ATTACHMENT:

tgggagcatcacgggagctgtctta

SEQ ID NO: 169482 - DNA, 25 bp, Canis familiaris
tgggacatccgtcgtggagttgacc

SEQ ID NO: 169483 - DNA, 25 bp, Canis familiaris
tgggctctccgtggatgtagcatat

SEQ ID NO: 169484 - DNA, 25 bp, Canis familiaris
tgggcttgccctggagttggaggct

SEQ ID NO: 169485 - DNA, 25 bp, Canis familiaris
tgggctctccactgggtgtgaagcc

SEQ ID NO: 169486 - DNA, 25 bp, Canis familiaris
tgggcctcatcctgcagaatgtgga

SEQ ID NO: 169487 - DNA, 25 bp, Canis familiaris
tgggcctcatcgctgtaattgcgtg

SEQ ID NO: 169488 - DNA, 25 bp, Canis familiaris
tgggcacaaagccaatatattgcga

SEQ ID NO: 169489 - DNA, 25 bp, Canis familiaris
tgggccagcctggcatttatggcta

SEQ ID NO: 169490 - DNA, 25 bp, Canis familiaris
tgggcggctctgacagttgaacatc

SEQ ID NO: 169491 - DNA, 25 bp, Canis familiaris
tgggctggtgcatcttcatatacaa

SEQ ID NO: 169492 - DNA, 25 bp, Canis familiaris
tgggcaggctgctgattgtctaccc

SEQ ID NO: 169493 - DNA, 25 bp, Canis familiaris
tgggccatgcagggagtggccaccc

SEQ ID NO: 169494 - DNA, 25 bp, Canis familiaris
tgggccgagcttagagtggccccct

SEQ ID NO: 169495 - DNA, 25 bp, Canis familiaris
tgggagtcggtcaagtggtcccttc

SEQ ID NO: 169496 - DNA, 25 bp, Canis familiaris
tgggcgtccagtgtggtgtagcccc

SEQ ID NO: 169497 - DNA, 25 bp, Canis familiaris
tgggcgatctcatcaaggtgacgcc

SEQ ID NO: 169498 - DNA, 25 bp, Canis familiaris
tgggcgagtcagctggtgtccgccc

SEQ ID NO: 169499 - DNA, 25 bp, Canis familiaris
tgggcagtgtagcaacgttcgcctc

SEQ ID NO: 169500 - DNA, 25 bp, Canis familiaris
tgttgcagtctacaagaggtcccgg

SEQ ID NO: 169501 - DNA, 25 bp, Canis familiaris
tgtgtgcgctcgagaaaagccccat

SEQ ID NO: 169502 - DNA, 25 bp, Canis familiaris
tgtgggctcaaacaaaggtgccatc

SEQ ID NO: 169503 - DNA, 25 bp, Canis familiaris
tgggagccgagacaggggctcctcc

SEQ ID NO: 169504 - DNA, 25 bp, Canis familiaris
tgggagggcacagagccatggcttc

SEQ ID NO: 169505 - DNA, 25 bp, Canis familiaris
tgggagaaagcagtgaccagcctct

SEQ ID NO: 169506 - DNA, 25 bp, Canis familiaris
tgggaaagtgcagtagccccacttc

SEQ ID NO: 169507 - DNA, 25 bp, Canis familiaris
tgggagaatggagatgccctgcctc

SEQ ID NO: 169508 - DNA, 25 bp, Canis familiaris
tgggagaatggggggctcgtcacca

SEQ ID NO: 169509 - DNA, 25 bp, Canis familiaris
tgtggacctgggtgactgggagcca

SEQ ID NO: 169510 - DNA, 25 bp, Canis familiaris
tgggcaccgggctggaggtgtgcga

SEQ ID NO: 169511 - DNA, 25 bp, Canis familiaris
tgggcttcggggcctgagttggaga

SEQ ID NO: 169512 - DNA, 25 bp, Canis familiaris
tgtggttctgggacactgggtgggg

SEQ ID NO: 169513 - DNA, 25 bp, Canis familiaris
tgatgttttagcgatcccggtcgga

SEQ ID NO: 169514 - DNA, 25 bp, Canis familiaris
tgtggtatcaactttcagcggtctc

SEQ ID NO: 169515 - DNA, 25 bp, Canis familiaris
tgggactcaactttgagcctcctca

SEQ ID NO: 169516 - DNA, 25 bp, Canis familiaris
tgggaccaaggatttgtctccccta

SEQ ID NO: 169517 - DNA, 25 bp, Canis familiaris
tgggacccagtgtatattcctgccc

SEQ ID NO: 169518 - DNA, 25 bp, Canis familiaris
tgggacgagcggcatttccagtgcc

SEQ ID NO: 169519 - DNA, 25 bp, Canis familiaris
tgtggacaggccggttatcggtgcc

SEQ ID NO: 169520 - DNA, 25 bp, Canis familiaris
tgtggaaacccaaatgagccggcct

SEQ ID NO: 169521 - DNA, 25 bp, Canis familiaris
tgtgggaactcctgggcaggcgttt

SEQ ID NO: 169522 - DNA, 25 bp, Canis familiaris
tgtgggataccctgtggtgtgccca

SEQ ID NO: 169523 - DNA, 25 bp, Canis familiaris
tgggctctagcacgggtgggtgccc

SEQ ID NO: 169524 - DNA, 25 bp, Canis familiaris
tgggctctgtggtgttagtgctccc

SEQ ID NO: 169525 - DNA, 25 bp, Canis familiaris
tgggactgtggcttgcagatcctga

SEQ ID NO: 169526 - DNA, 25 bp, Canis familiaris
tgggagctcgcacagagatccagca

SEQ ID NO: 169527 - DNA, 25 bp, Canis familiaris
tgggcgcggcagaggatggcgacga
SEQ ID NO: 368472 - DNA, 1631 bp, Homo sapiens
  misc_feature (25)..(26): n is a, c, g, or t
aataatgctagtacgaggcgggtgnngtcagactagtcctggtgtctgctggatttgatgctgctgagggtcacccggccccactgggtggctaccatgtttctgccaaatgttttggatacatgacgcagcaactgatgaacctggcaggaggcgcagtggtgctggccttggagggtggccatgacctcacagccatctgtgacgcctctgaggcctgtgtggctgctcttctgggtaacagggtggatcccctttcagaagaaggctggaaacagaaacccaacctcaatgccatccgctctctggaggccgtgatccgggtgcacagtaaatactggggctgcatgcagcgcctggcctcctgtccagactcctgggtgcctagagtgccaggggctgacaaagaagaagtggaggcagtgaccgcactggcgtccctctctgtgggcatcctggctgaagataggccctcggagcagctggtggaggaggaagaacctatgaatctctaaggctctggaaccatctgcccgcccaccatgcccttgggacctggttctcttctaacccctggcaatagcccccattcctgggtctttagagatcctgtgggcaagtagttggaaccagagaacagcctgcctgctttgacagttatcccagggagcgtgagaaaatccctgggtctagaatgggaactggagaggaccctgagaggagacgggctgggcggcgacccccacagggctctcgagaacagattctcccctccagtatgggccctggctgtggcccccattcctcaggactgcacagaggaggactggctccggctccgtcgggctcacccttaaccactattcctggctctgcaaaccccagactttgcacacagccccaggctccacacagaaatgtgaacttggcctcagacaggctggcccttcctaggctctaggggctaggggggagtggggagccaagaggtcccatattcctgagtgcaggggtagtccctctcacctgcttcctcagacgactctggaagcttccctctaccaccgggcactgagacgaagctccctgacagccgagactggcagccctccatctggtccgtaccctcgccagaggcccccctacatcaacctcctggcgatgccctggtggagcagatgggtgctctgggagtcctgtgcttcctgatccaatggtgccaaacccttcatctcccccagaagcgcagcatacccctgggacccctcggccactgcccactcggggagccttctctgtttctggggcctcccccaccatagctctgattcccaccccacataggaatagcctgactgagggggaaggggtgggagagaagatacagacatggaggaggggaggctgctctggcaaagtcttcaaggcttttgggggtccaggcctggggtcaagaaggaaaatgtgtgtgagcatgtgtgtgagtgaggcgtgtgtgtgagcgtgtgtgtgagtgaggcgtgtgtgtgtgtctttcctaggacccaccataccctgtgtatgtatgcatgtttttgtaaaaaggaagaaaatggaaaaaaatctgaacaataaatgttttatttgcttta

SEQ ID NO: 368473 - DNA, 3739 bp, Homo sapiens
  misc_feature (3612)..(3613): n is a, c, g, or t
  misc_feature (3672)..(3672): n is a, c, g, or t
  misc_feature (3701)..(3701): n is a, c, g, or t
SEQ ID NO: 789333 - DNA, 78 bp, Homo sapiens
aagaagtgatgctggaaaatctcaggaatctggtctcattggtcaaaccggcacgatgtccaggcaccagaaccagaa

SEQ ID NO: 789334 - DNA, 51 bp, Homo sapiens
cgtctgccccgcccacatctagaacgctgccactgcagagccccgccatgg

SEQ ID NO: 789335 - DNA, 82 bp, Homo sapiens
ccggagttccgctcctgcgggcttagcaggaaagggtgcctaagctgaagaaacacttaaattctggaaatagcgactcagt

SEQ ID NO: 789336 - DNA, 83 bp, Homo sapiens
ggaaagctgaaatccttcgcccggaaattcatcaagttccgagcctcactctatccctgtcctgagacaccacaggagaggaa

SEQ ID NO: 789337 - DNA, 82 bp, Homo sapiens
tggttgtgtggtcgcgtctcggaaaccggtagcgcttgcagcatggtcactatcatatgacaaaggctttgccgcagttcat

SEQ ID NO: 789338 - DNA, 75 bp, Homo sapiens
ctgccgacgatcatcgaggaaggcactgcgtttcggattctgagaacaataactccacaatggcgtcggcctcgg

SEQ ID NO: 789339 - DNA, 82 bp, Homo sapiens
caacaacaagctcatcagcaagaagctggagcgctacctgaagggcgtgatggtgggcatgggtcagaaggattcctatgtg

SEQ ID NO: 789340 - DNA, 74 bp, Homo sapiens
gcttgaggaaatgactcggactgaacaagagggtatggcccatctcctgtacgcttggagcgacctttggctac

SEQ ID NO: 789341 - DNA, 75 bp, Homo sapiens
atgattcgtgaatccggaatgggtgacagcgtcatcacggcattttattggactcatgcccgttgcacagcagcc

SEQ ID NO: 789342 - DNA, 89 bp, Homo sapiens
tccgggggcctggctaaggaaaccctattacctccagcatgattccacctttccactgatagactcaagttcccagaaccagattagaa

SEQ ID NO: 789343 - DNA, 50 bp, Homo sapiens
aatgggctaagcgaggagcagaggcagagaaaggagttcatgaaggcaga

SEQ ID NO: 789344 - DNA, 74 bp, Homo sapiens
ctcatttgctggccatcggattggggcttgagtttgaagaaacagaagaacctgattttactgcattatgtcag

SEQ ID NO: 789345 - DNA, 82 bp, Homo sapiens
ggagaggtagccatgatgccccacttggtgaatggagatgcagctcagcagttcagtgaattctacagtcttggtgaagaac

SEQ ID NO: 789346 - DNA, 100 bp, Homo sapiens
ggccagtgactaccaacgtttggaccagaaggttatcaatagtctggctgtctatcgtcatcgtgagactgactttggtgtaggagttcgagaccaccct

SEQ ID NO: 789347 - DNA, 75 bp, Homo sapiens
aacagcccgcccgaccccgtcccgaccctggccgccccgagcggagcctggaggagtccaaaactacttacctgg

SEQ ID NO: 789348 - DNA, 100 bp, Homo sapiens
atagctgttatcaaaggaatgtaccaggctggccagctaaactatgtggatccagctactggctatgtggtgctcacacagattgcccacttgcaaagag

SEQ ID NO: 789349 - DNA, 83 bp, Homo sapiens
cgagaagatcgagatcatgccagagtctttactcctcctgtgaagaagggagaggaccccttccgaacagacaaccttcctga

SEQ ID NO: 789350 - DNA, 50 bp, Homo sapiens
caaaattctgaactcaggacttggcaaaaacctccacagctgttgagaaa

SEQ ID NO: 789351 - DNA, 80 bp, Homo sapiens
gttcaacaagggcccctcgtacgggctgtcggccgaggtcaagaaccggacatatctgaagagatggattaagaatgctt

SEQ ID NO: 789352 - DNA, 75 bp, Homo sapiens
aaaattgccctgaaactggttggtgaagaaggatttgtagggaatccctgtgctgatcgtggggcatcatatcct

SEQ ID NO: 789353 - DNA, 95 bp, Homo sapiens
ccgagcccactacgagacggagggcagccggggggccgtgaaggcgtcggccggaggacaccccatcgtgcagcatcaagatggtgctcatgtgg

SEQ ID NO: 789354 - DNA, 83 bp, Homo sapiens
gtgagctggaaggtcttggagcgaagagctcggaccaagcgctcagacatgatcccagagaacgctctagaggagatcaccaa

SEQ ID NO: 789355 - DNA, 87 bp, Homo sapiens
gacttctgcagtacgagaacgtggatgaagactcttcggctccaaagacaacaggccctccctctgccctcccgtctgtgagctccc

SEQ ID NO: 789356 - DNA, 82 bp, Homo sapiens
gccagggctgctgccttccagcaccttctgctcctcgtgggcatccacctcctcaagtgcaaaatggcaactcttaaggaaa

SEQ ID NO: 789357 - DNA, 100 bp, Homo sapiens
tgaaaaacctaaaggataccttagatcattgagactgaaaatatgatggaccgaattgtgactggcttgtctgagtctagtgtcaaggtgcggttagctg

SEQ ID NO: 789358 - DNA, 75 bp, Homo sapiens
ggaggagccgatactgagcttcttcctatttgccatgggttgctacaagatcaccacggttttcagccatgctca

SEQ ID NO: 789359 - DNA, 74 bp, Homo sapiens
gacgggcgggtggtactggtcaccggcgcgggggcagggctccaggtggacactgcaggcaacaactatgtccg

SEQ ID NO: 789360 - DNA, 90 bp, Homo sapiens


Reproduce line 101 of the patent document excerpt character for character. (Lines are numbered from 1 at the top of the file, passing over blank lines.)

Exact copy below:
SEQ ID NO: 789333 - DNA, 78 bp, Homo sapiens